Here’s another example from a lengthy CustomerThink discussion. Self-described “car guy” Chris Travell of MaritzCX says “nobody makes a bad vehicle anymore” and therefore, “the next competitive battlefield will be the customer experience” including customer service in the dealership. But he goes on to say that “how the customer interacts with the product and how much they pay for it is an absolutely essential element of the customer experience in the automotive industry.”
In a recent blog post Gartner Surveys Confirm Customer Experience Is the New Battlefield, Gartner analyst Jake Sorofman says:
- “Customer experience is the most pressing mandate for marketers, the top area of marketing technology investment in 2014, and it will lead innovation spending for 2015.”
- “…as competition and buyer empowerment compounds, customer experience itself is proving to be the only truly durable competitive advantage.”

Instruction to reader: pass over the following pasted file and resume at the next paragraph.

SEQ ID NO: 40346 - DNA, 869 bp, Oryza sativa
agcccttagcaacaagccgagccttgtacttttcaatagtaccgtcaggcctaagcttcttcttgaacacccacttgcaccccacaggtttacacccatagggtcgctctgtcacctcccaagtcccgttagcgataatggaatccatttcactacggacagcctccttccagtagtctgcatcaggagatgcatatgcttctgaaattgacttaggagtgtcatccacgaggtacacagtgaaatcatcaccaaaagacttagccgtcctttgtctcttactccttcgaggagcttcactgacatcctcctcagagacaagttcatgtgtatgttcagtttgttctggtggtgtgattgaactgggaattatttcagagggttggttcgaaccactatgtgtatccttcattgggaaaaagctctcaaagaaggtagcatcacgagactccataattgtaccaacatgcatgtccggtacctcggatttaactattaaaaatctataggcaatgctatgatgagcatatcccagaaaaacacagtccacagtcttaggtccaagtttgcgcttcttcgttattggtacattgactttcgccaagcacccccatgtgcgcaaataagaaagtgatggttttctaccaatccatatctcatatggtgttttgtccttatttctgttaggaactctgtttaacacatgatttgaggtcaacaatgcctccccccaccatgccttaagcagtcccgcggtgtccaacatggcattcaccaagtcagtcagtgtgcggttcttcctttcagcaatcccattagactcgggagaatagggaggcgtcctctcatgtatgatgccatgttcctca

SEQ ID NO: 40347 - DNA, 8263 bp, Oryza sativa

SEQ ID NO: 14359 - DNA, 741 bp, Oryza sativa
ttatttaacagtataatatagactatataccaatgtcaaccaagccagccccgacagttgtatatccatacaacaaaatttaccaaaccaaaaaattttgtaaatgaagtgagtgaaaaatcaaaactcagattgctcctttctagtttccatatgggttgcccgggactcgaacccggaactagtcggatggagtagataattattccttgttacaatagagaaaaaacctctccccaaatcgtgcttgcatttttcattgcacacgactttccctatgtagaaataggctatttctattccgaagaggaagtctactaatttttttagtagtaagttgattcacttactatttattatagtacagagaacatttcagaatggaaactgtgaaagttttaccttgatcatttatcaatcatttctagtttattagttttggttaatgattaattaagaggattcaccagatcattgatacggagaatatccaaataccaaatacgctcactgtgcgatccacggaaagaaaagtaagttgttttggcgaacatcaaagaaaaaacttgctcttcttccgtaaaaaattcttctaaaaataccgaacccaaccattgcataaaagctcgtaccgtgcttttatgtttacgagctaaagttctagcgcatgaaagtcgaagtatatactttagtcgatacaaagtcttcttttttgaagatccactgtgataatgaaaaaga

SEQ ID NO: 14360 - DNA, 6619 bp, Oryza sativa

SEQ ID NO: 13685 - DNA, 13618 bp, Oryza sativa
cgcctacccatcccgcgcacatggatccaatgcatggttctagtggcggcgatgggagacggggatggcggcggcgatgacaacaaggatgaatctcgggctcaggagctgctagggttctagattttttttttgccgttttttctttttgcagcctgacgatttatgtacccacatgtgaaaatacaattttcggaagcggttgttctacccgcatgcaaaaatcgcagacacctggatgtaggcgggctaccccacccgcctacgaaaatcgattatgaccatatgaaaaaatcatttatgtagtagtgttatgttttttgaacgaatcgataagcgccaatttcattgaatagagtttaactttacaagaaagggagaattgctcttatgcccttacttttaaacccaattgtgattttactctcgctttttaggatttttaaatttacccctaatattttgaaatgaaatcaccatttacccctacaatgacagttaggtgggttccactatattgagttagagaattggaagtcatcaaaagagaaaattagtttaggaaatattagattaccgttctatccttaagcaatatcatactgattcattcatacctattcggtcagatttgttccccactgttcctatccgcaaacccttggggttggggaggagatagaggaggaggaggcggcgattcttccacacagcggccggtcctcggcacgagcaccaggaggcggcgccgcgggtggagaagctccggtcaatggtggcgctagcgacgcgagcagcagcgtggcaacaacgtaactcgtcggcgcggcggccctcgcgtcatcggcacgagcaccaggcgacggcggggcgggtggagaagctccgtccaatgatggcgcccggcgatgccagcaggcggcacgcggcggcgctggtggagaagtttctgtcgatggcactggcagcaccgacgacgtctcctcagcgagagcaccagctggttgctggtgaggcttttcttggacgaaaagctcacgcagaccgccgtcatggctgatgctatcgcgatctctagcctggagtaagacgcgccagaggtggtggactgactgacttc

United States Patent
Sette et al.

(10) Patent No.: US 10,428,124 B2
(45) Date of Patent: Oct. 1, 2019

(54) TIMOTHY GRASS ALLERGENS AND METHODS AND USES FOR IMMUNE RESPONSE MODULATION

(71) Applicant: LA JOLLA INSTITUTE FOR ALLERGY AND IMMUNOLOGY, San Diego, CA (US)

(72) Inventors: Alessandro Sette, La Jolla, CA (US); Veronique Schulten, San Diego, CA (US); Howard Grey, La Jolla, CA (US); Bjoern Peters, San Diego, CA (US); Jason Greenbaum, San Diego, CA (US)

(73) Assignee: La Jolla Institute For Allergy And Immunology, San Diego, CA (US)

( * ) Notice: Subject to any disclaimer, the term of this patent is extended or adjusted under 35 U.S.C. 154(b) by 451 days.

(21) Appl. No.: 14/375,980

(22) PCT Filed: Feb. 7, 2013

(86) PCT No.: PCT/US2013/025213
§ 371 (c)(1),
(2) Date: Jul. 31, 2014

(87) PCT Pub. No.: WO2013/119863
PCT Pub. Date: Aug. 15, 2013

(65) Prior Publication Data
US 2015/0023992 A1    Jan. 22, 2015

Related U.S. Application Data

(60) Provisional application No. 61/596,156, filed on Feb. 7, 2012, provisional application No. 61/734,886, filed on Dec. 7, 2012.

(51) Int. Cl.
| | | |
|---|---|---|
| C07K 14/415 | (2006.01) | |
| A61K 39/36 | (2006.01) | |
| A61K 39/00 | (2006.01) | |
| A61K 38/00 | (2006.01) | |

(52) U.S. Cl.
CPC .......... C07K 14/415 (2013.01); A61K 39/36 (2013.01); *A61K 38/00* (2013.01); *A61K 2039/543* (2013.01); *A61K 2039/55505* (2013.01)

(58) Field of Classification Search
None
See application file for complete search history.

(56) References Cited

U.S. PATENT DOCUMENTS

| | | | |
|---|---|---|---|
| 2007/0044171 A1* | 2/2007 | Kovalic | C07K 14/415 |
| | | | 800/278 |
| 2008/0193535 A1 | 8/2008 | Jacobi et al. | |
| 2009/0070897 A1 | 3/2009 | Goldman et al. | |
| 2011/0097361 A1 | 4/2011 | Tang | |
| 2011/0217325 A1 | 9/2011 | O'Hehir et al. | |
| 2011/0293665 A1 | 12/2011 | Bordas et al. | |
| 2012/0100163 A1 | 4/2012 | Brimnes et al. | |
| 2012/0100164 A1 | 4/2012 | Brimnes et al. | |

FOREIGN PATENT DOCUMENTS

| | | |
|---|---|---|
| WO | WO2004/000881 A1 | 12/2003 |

- “By 2017, 50% of consumer product investments will be redirected to customer experience innovations.”
Forrester Research is often cited as “proof” that CX will pay off, because CX leaders outperform laggards. But it should be noted that Forrester originally created the Customer Experience Index (CXi) to measure how consumers rated their interactions as being enjoyable, easy, and effective at meeting their needs. About a year ago, Forrester evolved the CXi to a general-purpose customer loyalty framework. One that presumably includes products.
So, over the past decade the CXM industry used excellence in interactions as the key to sell CX, then redefined CXM to include everything. Clever.